}
    catch (WebException e)
    {
        var httpWebResponse = e.Response as HttpWebResponse;
        if (httpWebResponse == null)
            throw;
        if (httpWebResponse.StatusCode == HttpStatusCode.NotFound)
            return null;
        if (httpWebResponse.StatusCode == HttpStatusCode.Conflict)
        {
            var conflicts = new StreamReader(httpWebResponse.GetResponseStreamWithHttpDecompression());
            var conflictsDoc = RavenJObject.Load(new JsonTextReader(conflicts));
            var conflictIds = conflictsDoc.Value<RavenJArray>("Conflicts").Select(x => x.Value<string>()).ToArray();

            throw new ConflictException("Conflict detected on " + key +
                                        ", conflict must be resolved before the document will be accessible")
            {
                ConflictedVersionIds = conflictIds
            };
        }
        throw;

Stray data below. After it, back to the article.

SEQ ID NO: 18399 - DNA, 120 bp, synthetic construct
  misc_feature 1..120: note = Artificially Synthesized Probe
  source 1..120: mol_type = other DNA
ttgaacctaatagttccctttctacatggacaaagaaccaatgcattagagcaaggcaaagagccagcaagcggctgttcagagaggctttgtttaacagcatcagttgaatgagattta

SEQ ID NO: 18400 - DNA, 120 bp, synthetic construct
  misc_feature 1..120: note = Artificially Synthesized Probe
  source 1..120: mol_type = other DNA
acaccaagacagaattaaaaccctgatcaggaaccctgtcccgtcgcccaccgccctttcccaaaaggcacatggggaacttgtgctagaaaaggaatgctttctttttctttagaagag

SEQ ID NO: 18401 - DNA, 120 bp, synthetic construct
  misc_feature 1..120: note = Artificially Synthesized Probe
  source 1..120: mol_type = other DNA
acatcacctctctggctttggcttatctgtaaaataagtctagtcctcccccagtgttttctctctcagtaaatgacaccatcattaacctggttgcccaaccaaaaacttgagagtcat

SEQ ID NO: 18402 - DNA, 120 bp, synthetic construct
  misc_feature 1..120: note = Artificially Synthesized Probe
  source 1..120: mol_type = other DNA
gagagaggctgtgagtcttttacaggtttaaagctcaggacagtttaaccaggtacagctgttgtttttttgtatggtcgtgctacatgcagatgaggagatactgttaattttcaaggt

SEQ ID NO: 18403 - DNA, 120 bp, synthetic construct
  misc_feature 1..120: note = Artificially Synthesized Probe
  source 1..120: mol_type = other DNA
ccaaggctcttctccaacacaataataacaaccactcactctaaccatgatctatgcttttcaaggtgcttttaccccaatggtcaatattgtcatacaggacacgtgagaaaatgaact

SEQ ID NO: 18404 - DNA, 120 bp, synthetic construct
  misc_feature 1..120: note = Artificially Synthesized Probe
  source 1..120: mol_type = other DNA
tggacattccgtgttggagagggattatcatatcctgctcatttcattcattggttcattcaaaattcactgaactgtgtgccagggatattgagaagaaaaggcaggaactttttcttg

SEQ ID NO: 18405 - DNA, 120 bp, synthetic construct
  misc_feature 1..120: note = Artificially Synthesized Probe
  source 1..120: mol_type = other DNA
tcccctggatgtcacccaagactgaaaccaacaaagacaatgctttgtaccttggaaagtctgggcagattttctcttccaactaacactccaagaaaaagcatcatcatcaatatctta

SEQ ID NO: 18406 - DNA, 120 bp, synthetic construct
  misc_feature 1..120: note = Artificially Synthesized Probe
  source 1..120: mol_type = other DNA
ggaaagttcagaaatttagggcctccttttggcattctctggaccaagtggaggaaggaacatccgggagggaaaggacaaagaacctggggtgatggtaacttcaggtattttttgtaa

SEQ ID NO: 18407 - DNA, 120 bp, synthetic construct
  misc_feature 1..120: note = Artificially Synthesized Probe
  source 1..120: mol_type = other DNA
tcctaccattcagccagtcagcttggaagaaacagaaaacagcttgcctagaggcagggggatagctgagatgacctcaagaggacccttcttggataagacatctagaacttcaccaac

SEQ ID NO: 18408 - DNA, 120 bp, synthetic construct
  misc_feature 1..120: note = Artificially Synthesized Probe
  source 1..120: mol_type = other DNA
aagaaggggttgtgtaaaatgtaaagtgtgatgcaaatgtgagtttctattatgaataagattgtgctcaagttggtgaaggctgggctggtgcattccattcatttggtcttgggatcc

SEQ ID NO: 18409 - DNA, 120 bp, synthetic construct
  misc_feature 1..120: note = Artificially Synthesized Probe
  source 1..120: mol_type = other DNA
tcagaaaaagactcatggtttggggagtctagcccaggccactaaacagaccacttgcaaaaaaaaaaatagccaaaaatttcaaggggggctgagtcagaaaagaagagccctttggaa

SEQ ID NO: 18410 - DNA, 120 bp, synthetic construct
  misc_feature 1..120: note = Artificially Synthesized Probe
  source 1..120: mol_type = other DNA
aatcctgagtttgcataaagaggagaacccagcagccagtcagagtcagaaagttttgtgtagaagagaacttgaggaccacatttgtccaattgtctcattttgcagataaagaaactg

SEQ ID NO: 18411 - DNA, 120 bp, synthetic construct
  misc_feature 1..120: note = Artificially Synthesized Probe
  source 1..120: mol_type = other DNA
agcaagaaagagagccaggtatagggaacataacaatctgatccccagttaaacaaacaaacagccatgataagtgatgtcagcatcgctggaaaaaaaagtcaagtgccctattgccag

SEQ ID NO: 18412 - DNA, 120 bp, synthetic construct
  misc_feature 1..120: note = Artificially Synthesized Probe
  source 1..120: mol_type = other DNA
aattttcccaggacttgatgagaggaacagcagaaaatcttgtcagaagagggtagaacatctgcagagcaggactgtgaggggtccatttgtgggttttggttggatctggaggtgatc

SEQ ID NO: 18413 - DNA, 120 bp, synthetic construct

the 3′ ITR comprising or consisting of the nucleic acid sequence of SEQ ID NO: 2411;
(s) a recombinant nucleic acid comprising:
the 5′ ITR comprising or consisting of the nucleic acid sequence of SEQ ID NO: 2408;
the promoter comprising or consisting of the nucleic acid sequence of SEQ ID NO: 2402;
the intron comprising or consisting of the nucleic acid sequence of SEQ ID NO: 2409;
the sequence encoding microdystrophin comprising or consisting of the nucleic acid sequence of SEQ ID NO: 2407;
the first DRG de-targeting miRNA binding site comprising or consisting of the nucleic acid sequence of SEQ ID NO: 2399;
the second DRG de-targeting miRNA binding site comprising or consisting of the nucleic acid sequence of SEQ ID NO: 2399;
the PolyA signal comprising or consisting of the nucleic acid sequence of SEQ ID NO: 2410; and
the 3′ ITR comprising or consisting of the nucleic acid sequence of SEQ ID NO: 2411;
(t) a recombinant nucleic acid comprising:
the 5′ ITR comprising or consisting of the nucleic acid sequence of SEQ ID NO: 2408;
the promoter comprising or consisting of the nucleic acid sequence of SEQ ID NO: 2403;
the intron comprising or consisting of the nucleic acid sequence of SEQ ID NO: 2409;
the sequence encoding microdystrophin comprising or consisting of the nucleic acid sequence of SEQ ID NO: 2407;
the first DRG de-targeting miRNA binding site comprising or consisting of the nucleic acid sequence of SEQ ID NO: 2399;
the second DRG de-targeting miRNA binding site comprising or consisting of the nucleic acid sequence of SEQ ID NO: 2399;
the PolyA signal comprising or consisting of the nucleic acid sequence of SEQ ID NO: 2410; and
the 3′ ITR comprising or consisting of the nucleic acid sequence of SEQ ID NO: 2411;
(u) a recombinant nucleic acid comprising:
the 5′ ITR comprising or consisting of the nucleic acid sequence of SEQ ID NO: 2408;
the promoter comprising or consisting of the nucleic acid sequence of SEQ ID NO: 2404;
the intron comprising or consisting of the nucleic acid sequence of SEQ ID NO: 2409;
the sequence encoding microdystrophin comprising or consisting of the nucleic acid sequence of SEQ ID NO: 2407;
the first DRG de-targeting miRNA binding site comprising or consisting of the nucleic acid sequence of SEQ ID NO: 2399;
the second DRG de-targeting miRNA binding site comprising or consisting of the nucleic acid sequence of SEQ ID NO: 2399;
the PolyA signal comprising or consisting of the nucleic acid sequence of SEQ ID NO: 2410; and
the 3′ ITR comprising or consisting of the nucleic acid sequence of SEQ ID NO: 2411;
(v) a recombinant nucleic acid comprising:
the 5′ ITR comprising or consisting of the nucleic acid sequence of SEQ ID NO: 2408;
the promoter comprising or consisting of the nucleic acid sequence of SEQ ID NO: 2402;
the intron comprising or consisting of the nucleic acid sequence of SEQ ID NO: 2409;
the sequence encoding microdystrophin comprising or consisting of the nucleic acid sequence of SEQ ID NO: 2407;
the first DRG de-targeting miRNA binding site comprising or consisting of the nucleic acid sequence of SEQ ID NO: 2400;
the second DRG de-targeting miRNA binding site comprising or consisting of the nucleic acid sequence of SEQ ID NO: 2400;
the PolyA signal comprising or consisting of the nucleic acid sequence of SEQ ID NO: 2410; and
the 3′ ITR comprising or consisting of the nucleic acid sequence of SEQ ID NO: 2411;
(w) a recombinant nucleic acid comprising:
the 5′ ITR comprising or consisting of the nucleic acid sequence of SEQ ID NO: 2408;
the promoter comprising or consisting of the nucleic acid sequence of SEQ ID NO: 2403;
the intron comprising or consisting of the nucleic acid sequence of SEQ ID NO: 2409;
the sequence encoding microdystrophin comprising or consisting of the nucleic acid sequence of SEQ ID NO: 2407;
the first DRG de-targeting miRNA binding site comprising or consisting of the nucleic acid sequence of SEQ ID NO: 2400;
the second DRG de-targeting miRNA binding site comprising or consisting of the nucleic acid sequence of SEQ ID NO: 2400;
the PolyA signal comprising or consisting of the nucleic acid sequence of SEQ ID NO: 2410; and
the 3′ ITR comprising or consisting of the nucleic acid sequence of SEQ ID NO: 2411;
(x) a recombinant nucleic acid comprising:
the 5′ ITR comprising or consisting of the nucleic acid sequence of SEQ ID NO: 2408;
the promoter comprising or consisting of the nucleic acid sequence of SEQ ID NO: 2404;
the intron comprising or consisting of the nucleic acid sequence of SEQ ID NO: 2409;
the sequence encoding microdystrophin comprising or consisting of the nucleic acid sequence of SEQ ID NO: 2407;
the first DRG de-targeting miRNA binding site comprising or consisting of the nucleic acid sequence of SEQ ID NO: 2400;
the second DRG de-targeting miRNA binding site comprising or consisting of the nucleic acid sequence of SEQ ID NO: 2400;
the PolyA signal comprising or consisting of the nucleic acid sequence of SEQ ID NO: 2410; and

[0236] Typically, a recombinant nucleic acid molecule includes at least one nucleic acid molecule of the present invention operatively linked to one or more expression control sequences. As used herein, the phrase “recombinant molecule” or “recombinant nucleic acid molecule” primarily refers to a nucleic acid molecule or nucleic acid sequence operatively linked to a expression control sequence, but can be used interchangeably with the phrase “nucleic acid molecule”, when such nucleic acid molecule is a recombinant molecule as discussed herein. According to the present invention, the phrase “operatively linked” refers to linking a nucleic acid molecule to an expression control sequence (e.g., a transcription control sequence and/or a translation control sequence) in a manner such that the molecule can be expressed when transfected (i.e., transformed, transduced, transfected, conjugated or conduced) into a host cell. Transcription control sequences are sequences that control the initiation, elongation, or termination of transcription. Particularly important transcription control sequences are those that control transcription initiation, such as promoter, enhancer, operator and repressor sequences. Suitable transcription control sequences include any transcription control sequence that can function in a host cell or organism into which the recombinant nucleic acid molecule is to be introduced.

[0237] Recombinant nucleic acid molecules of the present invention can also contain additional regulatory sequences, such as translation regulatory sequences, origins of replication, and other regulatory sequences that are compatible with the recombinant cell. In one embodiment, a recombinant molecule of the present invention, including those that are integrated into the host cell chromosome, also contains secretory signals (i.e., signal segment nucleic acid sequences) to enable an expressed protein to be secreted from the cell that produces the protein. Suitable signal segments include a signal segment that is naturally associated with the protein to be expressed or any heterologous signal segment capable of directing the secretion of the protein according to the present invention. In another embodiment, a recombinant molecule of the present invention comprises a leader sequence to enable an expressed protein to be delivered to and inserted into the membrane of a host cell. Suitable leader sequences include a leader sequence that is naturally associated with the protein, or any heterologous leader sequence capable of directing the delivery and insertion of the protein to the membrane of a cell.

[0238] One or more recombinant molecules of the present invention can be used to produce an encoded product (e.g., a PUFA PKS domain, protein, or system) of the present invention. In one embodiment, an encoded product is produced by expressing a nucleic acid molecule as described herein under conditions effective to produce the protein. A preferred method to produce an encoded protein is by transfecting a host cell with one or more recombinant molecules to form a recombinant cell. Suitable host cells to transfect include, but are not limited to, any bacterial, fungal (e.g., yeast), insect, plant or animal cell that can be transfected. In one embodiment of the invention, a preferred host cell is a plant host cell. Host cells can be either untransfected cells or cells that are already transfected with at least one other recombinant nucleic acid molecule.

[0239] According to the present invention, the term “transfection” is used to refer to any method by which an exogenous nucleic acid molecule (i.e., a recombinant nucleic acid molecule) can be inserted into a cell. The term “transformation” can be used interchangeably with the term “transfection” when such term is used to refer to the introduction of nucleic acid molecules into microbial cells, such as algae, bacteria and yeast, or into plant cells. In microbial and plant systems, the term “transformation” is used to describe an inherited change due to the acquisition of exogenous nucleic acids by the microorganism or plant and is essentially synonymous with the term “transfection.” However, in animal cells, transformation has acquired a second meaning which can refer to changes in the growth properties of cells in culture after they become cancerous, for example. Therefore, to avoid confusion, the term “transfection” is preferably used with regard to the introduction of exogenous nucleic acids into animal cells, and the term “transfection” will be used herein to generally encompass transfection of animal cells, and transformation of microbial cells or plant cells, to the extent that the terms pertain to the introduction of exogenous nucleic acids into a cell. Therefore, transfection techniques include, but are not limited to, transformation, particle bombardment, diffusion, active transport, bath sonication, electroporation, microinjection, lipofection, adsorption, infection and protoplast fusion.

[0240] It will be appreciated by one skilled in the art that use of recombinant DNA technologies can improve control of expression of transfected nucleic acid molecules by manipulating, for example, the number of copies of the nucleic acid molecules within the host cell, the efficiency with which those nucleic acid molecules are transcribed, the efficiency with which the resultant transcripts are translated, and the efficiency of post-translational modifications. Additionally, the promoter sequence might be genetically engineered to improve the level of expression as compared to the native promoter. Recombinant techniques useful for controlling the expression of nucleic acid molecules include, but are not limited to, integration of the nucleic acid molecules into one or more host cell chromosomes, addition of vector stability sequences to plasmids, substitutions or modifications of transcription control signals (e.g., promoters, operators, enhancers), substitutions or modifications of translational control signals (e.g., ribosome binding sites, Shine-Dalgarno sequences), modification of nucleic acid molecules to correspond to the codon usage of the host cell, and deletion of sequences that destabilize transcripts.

}
}
 

This is the sync API, of course, next we will look at the same method, for the full .NET framework TPL:

public Task<JsonDocument> GetAsync(string key)
{
    EnsureIsNotNullOrEmpty(key, "key");

    var metadata = new RavenJObject();
    AddTransactionInformation(metadata);
    var request = jsonRequestFactory.CreateHttpJsonRequest(this, url + "/docs/" + key, "GET", metadata, credentials, convention);

    return Task.Factory.FromAsync<string>(request.BeginReadResponseString, request.EndReadResponseString, null)
        .ContinueWith(task =>
        {
            try
            {
                var responseString = task.Result;
                return new JsonDocument
                {
                    DataAsJson = RavenJObject.Parse(responseString),
                    NonAuthoritiveInformation = request.ResponseStatusCode == HttpStatusCode.NonAuthoritativeInformation,
                    Key = key,
                    LastModified = DateTime.ParseExact(request.ResponseHeaders["Last-Modified"], "r", CultureInfo.InvariantCulture).ToLocalTime(),
                    Etag = new Guid(request.ResponseHeaders["ETag"]),
                    Metadata = request.ResponseHeaders.FilterHeaders(isServerDocument: false)
                };
            }
            catch (WebException e)
            {
                var httpWebResponse = e.Response as HttpWebResponse;
                if (httpWebResponse == null)
                    throw;